From our Research Files: Spotlight on Lucy Higgs Nichols
Not often do we get to hear the history of people who have escaped slavery in their own words.So, we feel fortunate to be able to share just such a primary source with the readers of Primary Source!Click here
to read the deposition of Lucy Higgs Nichols.
Nichols (1838-1915) escaped slavery in Tennessee in 1862 and joined the 23rd Regiment of Indiana Volunteers
camped nearby.She worked among the soldiers as a nurse through major battles of the Civil War and mustered out with themin Louisville in She returned with the veterans of the 23rd Regiment to New Albany, Indiana.
When Congress passed the 1892 Act for Civil War Nurses
, Nichols applied for a pension twice but was denied. When she petitioned Congress in 1895, fifty-five veterans of the 23rd added their signatures as well.She was finally awarded her pension in She was made an honorary member of the New AlbanyG.A.R.
Learn more about Lucy and see a powerful photograph of her with the veterans of the 23rd Regiment through a new exhibit at the Carnegie Center for Art and History
in New Albany.
April plays host to many commemorations, though Earth Month is the most recognized. Here are some historically-inspired things to do this April:
- Get in the spirit of National Card and Letter Writing Month and make sure future historians have something to write about you. Get a little inspiration from the Indiana State Library's envelope exhibit. Start small with a thank you card, or if you have a lot to say, feed your desire to be earth-friendly and daring and try cross-writing!
- Check out the music of Hoosier jazz composer and educator David Baker for Jazz Appreciation Month. Born in Indianapolis in 1931, Baker made a name for himself on the same scene as famous Hoosier trombonist J.J. Johnson. Baker is currently the chair of the Department of Jazz Studies at Indiana University Jacobs School of Music. Learn more at Baker’s own website or shop the IHB Book Shop for Baker’s biography by Monika Herzig.
- Celebrate National Poetry Month with a daily verse. Check out Indiana Humanities' Think.Read.Talk blog for locally-produced lines or dive into Poets.org's archives of images and poems.
- Thank the librarians who assist you in your research this week for National Library Week. Friday is Teen Literature Day, so it's the perfect time to get even more involved by joining the Hunger Games craze, if you haven't already. (Be sure to block off the weekend to devote to reading IU graduate Suzanne Collins' trilogy non-stop--it really is hard to put down.)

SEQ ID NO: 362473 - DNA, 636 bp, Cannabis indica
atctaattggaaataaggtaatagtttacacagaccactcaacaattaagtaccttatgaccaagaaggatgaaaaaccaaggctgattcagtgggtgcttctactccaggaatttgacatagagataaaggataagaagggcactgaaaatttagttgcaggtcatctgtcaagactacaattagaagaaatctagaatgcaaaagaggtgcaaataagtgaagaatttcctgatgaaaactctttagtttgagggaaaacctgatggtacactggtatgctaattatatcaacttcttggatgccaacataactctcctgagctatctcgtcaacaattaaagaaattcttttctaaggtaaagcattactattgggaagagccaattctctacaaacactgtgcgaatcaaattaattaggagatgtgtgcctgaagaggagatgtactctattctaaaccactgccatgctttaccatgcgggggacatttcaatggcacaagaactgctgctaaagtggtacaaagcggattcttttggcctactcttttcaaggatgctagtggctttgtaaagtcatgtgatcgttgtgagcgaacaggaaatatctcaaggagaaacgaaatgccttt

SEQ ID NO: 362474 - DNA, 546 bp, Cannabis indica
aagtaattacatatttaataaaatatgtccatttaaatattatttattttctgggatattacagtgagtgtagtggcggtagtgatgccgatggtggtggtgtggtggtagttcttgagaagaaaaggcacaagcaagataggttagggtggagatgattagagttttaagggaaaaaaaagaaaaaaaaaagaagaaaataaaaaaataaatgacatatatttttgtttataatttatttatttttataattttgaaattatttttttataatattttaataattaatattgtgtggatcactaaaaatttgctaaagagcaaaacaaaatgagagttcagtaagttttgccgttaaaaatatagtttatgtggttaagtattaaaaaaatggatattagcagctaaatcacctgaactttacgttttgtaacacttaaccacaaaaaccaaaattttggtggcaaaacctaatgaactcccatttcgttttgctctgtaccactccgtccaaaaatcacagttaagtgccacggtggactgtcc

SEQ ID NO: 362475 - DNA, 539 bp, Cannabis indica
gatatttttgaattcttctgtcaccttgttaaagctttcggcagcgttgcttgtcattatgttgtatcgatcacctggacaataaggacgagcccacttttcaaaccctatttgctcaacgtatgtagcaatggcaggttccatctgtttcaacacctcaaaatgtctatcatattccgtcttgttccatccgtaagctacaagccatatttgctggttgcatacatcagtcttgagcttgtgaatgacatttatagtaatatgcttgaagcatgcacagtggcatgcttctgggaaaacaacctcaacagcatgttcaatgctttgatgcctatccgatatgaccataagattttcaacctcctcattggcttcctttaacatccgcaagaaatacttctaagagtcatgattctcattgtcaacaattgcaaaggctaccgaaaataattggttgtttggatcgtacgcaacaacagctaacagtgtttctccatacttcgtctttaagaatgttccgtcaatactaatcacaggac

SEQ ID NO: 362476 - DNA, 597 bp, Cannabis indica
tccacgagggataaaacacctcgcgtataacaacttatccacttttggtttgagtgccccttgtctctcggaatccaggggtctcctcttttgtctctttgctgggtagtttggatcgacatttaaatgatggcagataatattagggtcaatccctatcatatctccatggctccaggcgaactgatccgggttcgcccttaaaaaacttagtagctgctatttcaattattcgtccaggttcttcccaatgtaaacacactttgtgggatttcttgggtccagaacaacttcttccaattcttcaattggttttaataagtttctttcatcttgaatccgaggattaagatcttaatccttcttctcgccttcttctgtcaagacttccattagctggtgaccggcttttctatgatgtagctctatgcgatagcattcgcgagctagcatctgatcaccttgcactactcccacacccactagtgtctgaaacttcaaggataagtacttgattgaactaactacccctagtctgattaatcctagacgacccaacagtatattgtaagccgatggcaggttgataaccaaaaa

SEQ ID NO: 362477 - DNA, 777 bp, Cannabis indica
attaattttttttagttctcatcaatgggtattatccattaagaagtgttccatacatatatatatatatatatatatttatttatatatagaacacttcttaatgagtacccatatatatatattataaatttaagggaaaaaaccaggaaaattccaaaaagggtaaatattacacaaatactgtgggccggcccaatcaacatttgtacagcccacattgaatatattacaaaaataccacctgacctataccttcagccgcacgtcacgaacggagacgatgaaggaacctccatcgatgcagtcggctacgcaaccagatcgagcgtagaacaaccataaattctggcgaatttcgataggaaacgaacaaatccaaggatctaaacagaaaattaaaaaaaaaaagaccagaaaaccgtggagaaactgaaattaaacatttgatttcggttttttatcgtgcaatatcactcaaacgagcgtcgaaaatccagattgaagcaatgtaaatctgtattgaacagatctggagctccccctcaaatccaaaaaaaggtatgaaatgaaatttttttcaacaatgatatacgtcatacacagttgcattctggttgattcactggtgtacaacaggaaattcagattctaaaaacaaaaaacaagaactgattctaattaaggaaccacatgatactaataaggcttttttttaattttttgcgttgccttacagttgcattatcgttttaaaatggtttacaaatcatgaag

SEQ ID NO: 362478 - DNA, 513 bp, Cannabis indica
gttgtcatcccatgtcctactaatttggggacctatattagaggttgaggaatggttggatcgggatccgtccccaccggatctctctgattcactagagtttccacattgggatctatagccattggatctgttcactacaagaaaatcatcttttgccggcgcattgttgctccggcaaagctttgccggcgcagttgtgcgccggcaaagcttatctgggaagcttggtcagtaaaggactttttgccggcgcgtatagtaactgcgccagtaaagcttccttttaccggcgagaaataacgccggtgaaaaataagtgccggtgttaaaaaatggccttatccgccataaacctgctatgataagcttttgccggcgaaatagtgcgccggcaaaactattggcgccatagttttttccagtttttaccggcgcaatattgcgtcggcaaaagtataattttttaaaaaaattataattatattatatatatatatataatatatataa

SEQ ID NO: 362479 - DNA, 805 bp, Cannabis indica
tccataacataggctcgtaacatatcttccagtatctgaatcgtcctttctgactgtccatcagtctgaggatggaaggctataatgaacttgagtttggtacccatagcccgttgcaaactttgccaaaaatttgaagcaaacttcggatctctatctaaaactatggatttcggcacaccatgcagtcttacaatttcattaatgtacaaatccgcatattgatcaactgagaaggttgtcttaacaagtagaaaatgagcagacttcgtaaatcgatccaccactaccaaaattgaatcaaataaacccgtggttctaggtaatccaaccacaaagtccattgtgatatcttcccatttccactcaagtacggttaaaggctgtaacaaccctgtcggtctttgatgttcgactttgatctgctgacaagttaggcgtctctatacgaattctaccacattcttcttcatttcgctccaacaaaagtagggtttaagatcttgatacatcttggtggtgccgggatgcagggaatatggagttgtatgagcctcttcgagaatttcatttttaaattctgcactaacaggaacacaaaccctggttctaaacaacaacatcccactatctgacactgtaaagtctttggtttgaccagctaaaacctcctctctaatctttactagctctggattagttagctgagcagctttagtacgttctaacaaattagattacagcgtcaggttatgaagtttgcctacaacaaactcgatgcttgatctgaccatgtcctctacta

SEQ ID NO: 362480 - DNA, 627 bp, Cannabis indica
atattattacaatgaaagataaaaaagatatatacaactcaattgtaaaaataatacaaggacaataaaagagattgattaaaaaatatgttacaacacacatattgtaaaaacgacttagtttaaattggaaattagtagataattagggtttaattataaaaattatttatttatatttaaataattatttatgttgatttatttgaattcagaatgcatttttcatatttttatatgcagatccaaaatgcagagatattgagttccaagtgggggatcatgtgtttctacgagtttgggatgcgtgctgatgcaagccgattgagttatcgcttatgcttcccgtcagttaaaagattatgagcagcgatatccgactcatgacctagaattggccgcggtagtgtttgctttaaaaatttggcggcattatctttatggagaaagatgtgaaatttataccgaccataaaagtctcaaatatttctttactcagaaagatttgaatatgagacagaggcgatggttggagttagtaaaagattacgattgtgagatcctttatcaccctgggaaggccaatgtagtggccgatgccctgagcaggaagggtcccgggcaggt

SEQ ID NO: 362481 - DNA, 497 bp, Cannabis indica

- Spend some time experiencing the beauty of nature at one of Indiana's historic State Parks with a hiking, biking, or camping trip or book a stay at a State Park Inn, where you can watch the great outdoors from a cozy air-conditioned room.
After we reported on the Isaac Blackford State Historical Marker dedication ceremony, a citizen expressed concern.
Q: Isaac Blackford was involved in the colonization movement, which advocated the removal of blacks from the U.S. Why should we commemorate such a person?
A: Isaac Blackford’s views about the status of blacks in the United States were complex. Blackford’s tenure on the Indiana Supreme Court (1817-1852) included two important decisions affirming the Indiana Constitution’s prohibition against slavery and indentured servitude (Polly v. Lasselle, 1820 and Clark v. Johnston, 1821) in Indiana. Significant historical figures including Richard Allen, founder of the African Methodist Episcopal Church, and Abraham Lincoln, advocated for the removal of free blacks from the U.S.
In fact, over time, colonization of free African Americans in Africa, Canada, Haiti, and Central and South America was supported by blacks and whites and opposed by both blacks and whites. Some African Americans believed that they would never achieve equality in the U.S. and would have fuller lives by emigrating to Africa or elsewhere; some white Americans saw colonization as a way to rid the country of black Americans. Other groups of both blacks and whites believed African Americans should remain in the U.S. and fight against slavery and for equal rights.
Most African Americans in Indiana opposed African colonization. The Indiana Sentinel, March 1, 1842, reported the resolutions of a meeting of African Americans: “…we believe no well informed colonizationist is a devoted friend to the moral elevation of the people of color.” See Indiana Emigrants to Liberia for more on the topic of colonization in Indiana, and get a broader view of the complexities of the colonization movement and African American history at PBS.